"Moment of silence" slated for shooting rampage victims

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Today, Mayor John Suthers will orchestrate a "moment of silence" in honor of those killed in a triple homicide perpetrated by a man reported to police as suspicious 10 minutes before the shooting started.

A group of citizens reportedly plan to urge City Council after the event to abolish open carry in the city.

Noah Harpham, 33, opened fire on a bicyclist, Andrew Myers, just south of Prospect Street and Platte Avenue about 9 a.m. after his neighbor, Naomi Bettis, called 911 to report a man with a rifle carrying two gas cans. (He later reportedly started a fire in his apartment building.) He then walked west on Platte and shot two women at a sobriety house, Jennifer Vasquez and Christina Baccas-Gallela.

Harpham was killed in an exchange of gunfire with police.

The incident triggered several statements from Colorado Ceasefire, including this one issued late last week:
The Halloween morning deadly shooting rampage in Colorado Springs has raised questions about whether the police response was sufficiently timely. Yesterday evening, police released 911 tapes that reveal the practice of “open carry” was the primary reason for the delay in an urgent response.

8:45 Naomi Bettis calls to report that she sees a man on her street carrying a big black rifle and several cans of gasoline. Over six minutes of conversation, she relays to the dispatcher the activities and a description of the man, noting that he had gone into another building and then emerged also carrying a handgun. She tells the dispatcher that she is “scared to death.”

The dispatcher relates to her “It is an open carry state, so he can have a weapon with him or walking around with it. But, of course, having those cans of gasoline it does seem pretty suspicious, so we’re going to keep the call going for that.”

8:55 Naomi Bettis again calls 911 saying “The guy came back out and he, he fired a gun at somebody, and he’s lying in the street dead.”
Andrew Meyers, a father of two and a veteran who survived 3 tours in Iraq had just been shot and killed while bicycling in his home city.

8:57 (approximately) Bettis sobs “I think he’s still shooting. I heard some more shots fired from that gun that he’s got.”
It is possible this was when the shooting deaths of Jennifer Vasquez and Christina Baccas-Gallela occurs.

8:59 (approximately) Bettis says “I just heard another gun fire. I think the police probably found him. I see the police lights going west on Platt.”

The shooter was killed in a firefight with police.

Examining the timeline and doing the math, it appears that a more urgent and rapid police response could likely have saved the lives of all three individuals. In its data release, the police department defended the dispatcher and released protocols to verify that she was indeed following those.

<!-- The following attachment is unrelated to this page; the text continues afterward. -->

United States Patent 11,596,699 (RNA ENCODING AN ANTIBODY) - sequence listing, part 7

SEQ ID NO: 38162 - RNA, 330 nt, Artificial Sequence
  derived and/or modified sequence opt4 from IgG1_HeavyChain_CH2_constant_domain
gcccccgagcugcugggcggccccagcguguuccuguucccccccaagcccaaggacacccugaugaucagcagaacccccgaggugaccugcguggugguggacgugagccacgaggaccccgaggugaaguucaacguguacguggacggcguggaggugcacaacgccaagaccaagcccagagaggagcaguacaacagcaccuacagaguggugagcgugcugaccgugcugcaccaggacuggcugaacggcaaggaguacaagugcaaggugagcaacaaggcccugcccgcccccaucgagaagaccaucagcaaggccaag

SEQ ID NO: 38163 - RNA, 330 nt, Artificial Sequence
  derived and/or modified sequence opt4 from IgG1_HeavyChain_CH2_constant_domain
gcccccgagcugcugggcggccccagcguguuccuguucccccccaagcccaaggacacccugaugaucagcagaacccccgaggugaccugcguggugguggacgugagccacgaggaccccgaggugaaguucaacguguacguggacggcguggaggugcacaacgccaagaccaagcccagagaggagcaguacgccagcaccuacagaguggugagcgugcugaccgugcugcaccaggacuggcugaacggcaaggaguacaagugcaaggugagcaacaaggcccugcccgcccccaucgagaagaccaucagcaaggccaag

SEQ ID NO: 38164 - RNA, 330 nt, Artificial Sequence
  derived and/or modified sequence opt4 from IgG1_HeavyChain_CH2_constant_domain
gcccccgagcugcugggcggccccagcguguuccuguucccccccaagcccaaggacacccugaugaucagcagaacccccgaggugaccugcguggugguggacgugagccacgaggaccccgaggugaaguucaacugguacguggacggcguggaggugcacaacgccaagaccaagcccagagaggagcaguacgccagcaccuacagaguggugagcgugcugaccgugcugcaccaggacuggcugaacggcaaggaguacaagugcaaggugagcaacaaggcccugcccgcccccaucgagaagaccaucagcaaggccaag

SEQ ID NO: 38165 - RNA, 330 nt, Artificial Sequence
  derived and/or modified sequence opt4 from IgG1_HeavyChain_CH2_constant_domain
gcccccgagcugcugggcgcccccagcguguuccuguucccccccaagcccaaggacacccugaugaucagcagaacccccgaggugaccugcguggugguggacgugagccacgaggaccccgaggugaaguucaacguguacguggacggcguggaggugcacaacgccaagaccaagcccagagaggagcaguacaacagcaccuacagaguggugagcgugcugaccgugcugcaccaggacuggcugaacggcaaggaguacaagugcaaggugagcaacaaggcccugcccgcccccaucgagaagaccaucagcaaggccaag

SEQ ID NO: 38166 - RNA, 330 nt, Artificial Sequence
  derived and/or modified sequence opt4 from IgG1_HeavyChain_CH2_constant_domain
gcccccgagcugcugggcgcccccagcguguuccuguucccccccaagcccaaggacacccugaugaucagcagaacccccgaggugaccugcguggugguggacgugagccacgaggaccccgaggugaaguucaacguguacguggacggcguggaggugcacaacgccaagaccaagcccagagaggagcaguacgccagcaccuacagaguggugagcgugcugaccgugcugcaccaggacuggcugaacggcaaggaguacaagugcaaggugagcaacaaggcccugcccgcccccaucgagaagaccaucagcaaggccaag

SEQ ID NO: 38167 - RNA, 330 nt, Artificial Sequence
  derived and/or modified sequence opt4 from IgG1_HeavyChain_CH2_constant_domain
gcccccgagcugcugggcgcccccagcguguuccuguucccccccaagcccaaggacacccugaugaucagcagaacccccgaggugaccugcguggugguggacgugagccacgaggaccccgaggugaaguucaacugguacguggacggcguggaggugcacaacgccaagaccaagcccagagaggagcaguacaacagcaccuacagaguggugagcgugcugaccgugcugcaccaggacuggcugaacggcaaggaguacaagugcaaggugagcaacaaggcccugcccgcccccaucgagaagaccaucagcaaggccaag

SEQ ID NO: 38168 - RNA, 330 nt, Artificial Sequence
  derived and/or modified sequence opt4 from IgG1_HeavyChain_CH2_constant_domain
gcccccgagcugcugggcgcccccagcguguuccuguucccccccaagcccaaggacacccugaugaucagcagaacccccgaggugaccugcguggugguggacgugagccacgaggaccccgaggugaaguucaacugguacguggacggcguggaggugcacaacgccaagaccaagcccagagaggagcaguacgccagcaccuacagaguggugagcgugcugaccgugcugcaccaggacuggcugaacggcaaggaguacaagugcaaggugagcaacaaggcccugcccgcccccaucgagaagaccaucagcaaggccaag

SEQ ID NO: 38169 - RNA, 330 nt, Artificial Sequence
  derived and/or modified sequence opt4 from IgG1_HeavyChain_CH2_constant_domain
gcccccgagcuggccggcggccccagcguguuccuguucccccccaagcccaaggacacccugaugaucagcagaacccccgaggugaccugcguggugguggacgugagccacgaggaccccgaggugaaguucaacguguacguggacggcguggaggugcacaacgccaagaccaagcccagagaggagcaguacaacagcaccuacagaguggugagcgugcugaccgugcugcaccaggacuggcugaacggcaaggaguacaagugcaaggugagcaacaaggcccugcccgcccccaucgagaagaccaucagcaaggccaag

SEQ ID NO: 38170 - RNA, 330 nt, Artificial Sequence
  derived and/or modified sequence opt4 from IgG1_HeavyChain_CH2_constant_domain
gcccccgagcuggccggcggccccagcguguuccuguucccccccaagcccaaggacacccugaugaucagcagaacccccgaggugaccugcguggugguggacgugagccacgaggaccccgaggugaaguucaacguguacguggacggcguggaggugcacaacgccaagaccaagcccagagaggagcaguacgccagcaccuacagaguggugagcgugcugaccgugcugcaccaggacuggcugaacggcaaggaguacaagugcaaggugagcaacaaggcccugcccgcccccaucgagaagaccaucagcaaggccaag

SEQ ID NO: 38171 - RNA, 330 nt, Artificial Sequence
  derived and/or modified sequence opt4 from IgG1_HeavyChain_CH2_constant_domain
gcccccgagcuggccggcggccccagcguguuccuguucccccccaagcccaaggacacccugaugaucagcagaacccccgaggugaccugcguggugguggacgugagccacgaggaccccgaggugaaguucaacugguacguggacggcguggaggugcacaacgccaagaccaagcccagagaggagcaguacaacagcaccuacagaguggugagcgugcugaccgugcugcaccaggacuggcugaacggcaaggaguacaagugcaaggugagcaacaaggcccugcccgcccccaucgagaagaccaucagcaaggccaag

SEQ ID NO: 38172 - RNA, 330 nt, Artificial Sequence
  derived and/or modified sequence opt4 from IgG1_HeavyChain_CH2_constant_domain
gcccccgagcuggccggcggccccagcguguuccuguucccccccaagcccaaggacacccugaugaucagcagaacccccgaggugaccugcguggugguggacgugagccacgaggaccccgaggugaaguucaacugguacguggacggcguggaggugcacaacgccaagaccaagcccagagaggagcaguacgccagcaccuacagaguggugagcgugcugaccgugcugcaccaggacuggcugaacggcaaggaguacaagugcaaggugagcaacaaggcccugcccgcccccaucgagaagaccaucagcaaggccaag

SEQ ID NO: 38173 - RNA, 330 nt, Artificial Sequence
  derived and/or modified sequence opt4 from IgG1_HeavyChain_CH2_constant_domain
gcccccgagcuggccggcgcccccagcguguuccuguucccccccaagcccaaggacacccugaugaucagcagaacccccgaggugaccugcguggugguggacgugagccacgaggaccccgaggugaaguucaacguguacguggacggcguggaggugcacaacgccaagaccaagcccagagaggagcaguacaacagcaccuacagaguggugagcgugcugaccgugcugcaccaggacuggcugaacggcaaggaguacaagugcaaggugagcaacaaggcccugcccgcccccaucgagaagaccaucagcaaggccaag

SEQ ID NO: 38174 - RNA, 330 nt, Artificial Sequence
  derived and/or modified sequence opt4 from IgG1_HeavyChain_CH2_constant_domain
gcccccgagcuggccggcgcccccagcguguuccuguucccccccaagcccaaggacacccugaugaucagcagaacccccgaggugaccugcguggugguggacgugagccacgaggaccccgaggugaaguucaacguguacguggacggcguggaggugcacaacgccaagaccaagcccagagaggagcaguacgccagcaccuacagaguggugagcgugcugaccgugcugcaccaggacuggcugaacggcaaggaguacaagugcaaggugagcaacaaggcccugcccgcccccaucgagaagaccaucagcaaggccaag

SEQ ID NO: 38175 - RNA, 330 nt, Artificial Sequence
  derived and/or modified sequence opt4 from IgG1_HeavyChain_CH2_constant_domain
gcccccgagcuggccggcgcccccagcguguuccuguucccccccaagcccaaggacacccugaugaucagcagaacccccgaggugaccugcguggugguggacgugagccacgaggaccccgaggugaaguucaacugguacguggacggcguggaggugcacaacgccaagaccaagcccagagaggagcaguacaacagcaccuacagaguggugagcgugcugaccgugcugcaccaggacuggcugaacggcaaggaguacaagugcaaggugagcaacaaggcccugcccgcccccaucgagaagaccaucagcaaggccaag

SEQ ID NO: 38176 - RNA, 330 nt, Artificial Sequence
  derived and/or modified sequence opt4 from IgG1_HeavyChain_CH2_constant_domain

Although it is puzzling that the cans of gasoline made the scenario more dangerous than just the black gun, the problem lies not in the dispatcher’s actions. The real problem is that Colorado allows openly carried weapons on our streets. Aggressive behaviors of gun rights advocates in asserting “their rights’ have cowed law enforcement from reasonable rapid reaction to openly-carried guns. For example, in 2013 Colorado Springs settled a lawsuit for $23,500 for an arrest over an openly-carried firearm in a city park.

Carrying a rifle, especially a military assault rifle, in the public arena is not normal behavior, and should invoke an urgent response. Tom Mauser, who lost his son Daniel at Columbine High School, said “this is what happens when we try to normalize abnormal behavior.”

In a Colorado Springs Gazette article, three officials noted the difficulty of balancing constitutional rights and public safety. But it is clear: there is no constitutional right to open carry, neither under the U.S. nor Colorado constitutions. Open carry is prohibited either fully or partly in nineteen other states1, and it is also prohibited in the city and county of Denver.

Colorado legislators can return our streets to normal. Citizens should not be terrorized in their own communities by the presence of gun-toting individuals in public places. The Colorado General Assembly can and should prohibit openly carried firearms.

1 California, Illinois, Florida and the District of Columbia fully prohibit open carry. Connecticut, New Jersey, Maryland, New York, Massachusetts, Hawaii, Rhode Island, Minnesota, Iowa, Indiana, Georgia, Tennessee, Texas, Oklahoma, South Carolina, and Utah prohibit open carry for certain weapons or require a permit. (Brady Campaign and Law Center to Prevent Gun Violence 2013 scorecard. Law Center to Prevent Gun Violence 2014 state records).
Here's the announcement of the event today, which will take place at the City Council meeting, which begins at 1 p.m. at City Hall:

WHAT: A joint Honor Guard presentation and a moment of silence during Tuesday’s Regular Meeting

WHO: City Council, Mayor John Suthers
Colorado Springs Fire Department Honor Guard
Colorado Springs Police Department Honor Guard

WHERE: City Hall, Council Chambers, 3rd Floor, 107 N. Nevada Ave.

WHEN: Nov. 10, 2015, at 1 p.m.

WHY: The presentation and moment of silence is to honor the Colorado Springs citizens who were killed in the shooting incident near downtown on Oct. 31.

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